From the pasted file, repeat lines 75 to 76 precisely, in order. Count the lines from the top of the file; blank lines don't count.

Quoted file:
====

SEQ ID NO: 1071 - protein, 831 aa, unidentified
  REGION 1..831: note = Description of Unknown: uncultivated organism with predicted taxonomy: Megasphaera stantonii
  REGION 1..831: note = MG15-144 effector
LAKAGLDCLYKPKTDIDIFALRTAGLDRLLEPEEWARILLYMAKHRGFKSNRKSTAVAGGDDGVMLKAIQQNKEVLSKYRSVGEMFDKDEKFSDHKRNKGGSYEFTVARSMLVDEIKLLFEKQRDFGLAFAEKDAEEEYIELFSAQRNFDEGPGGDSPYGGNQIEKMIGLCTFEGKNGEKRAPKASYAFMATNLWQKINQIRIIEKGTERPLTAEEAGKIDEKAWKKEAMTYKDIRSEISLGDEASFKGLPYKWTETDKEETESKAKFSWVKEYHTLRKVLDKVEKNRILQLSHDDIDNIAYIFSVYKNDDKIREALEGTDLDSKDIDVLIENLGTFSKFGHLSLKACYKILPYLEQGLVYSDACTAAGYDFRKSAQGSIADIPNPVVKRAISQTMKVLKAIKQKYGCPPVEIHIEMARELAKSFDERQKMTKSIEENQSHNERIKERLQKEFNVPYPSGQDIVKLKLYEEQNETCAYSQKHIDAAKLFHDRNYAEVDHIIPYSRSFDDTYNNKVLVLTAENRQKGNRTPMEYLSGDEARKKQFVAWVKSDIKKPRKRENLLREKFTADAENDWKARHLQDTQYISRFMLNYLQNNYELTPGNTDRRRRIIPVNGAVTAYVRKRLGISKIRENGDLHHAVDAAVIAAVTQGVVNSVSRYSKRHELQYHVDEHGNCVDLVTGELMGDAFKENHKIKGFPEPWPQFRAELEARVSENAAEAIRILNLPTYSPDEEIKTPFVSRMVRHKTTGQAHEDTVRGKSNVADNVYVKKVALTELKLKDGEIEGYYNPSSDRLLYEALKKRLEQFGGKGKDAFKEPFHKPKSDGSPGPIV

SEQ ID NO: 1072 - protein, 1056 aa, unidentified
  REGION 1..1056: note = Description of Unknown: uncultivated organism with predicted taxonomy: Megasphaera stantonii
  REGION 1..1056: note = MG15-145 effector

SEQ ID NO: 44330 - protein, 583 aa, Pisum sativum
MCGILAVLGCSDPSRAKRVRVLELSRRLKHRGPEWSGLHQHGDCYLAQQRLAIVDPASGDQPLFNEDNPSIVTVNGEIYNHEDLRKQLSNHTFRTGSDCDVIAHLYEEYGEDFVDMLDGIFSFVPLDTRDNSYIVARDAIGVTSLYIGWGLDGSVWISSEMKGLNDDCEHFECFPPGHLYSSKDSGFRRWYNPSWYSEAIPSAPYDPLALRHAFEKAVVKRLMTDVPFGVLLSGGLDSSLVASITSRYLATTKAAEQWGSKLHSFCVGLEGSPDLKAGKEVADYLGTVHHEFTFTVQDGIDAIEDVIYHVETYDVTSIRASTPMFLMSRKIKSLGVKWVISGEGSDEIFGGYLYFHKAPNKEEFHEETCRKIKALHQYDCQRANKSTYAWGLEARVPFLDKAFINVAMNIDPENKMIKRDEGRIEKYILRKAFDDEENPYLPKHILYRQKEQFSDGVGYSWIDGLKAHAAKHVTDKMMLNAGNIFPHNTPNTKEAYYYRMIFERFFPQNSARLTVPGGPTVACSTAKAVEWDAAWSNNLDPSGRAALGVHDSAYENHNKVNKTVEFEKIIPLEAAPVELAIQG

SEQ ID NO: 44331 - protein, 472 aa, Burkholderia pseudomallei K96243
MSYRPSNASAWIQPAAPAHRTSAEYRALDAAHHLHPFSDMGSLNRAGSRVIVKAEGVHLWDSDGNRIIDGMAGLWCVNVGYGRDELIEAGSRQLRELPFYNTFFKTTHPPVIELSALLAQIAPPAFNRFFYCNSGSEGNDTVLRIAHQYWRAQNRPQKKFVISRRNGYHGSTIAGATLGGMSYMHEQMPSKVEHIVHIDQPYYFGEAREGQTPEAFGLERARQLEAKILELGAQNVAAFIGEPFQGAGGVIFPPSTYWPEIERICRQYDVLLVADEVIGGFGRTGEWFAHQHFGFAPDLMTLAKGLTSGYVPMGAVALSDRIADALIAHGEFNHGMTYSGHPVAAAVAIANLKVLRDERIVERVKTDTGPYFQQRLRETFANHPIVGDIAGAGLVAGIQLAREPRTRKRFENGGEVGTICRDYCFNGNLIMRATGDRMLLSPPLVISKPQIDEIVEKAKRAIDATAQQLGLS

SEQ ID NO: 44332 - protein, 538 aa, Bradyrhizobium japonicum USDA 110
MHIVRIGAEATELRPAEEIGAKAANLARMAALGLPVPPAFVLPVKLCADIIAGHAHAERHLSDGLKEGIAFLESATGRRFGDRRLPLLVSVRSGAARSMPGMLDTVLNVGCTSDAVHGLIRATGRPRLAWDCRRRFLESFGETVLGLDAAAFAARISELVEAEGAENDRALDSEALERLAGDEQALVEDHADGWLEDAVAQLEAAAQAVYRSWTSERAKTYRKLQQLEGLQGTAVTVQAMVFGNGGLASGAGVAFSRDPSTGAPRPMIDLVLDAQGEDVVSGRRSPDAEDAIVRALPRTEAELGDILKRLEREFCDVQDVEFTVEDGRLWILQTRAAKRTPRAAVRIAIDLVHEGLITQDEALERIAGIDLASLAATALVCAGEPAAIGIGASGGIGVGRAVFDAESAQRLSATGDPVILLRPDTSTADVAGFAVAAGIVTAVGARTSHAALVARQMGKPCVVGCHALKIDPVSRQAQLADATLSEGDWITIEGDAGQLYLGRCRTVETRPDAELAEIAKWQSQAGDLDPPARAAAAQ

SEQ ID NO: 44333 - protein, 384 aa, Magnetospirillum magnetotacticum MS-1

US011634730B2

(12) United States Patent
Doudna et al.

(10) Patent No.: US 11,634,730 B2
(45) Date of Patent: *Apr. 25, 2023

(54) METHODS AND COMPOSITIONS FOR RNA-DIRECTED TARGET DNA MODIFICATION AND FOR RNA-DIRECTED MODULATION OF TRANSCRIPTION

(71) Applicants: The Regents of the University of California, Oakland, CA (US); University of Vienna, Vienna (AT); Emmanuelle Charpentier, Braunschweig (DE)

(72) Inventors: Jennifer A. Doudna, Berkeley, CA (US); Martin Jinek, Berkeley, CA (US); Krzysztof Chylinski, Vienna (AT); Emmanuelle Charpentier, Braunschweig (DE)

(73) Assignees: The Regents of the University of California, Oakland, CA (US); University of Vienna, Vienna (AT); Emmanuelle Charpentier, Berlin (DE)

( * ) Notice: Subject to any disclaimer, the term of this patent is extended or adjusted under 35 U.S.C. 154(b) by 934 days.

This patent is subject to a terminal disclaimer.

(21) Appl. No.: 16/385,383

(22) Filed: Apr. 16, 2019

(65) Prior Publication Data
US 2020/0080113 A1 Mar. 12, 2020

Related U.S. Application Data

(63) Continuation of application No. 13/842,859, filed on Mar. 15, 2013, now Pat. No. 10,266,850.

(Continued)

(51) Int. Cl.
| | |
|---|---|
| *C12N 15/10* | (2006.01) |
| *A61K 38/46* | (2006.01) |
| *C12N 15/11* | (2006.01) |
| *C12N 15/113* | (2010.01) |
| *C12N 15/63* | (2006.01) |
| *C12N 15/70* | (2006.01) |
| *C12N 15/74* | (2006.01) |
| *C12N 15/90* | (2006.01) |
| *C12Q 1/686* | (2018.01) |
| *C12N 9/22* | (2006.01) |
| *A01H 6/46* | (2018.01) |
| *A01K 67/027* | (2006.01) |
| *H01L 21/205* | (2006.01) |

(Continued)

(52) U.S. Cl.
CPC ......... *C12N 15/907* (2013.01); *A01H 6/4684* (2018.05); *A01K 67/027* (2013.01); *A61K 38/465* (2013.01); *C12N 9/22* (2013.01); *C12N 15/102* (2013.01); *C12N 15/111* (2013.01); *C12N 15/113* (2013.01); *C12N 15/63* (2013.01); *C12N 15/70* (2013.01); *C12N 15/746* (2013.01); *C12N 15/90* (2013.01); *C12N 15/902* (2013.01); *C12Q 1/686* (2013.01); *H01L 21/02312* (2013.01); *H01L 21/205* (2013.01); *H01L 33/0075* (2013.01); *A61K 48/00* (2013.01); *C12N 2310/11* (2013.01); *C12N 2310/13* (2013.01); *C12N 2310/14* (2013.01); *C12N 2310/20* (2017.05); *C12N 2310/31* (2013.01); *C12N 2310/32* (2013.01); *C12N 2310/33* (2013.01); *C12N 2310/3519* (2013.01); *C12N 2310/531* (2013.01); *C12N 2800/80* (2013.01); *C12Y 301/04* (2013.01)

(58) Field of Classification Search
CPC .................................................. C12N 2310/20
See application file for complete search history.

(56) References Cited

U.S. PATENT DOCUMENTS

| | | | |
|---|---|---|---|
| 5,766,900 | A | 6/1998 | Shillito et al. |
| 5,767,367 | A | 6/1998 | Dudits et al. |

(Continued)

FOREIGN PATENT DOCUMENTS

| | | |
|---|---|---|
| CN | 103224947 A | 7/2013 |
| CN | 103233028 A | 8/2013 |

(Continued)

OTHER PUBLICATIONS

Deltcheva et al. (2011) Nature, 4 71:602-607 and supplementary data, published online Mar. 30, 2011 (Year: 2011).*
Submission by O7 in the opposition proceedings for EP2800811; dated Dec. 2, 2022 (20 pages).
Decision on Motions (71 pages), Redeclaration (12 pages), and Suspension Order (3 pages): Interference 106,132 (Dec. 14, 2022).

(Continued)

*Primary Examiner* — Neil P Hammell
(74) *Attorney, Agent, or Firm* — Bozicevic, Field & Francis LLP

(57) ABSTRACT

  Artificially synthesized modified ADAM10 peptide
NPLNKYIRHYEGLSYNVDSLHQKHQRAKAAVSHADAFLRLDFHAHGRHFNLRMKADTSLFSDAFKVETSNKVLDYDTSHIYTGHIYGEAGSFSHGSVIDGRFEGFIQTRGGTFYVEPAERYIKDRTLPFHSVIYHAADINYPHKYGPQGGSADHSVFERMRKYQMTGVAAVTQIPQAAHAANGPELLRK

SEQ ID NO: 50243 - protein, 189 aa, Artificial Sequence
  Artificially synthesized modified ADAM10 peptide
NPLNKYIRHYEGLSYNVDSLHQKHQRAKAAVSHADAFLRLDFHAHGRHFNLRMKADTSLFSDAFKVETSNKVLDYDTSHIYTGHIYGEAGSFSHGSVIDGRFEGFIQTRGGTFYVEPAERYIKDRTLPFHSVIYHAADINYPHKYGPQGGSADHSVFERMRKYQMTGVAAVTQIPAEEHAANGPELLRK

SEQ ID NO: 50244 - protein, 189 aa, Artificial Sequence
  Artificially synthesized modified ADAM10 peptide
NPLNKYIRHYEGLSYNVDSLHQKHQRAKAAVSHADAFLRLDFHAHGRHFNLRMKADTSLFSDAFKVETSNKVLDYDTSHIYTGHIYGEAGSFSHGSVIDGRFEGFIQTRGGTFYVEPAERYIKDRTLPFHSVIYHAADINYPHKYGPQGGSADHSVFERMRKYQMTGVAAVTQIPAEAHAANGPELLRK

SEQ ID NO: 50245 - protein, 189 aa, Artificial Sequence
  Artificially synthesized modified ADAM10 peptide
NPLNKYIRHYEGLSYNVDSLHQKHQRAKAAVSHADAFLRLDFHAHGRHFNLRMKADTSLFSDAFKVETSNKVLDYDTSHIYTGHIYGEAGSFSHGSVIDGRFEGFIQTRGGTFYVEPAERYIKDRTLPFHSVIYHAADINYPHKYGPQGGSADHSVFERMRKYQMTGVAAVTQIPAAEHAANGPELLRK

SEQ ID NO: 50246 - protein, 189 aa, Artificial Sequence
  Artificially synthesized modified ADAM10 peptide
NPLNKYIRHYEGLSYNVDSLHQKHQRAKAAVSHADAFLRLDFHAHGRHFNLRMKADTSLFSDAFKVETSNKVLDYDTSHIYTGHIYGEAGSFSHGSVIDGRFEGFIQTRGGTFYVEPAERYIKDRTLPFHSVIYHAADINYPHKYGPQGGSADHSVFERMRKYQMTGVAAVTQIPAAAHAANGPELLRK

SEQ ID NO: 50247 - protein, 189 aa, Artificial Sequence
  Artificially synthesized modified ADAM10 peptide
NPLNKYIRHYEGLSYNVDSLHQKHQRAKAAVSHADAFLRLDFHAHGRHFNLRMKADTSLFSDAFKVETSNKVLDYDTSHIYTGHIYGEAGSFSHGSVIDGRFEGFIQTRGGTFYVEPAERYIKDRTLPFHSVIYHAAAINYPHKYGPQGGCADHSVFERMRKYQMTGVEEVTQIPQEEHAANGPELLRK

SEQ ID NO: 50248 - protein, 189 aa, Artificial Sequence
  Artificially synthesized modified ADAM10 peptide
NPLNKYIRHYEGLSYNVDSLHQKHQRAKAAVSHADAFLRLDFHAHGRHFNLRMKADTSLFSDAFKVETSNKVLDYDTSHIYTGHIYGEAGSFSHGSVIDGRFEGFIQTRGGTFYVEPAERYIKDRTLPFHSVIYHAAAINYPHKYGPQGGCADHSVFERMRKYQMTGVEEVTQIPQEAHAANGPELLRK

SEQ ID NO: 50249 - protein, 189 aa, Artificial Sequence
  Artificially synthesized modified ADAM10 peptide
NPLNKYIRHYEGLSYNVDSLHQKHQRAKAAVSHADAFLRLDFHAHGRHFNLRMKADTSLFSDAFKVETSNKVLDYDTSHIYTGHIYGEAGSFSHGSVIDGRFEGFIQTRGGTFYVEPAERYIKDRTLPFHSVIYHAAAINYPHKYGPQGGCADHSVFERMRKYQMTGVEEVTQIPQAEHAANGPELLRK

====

(57) ABSTRACT

  Artificially synthesized modified ADAM10 peptide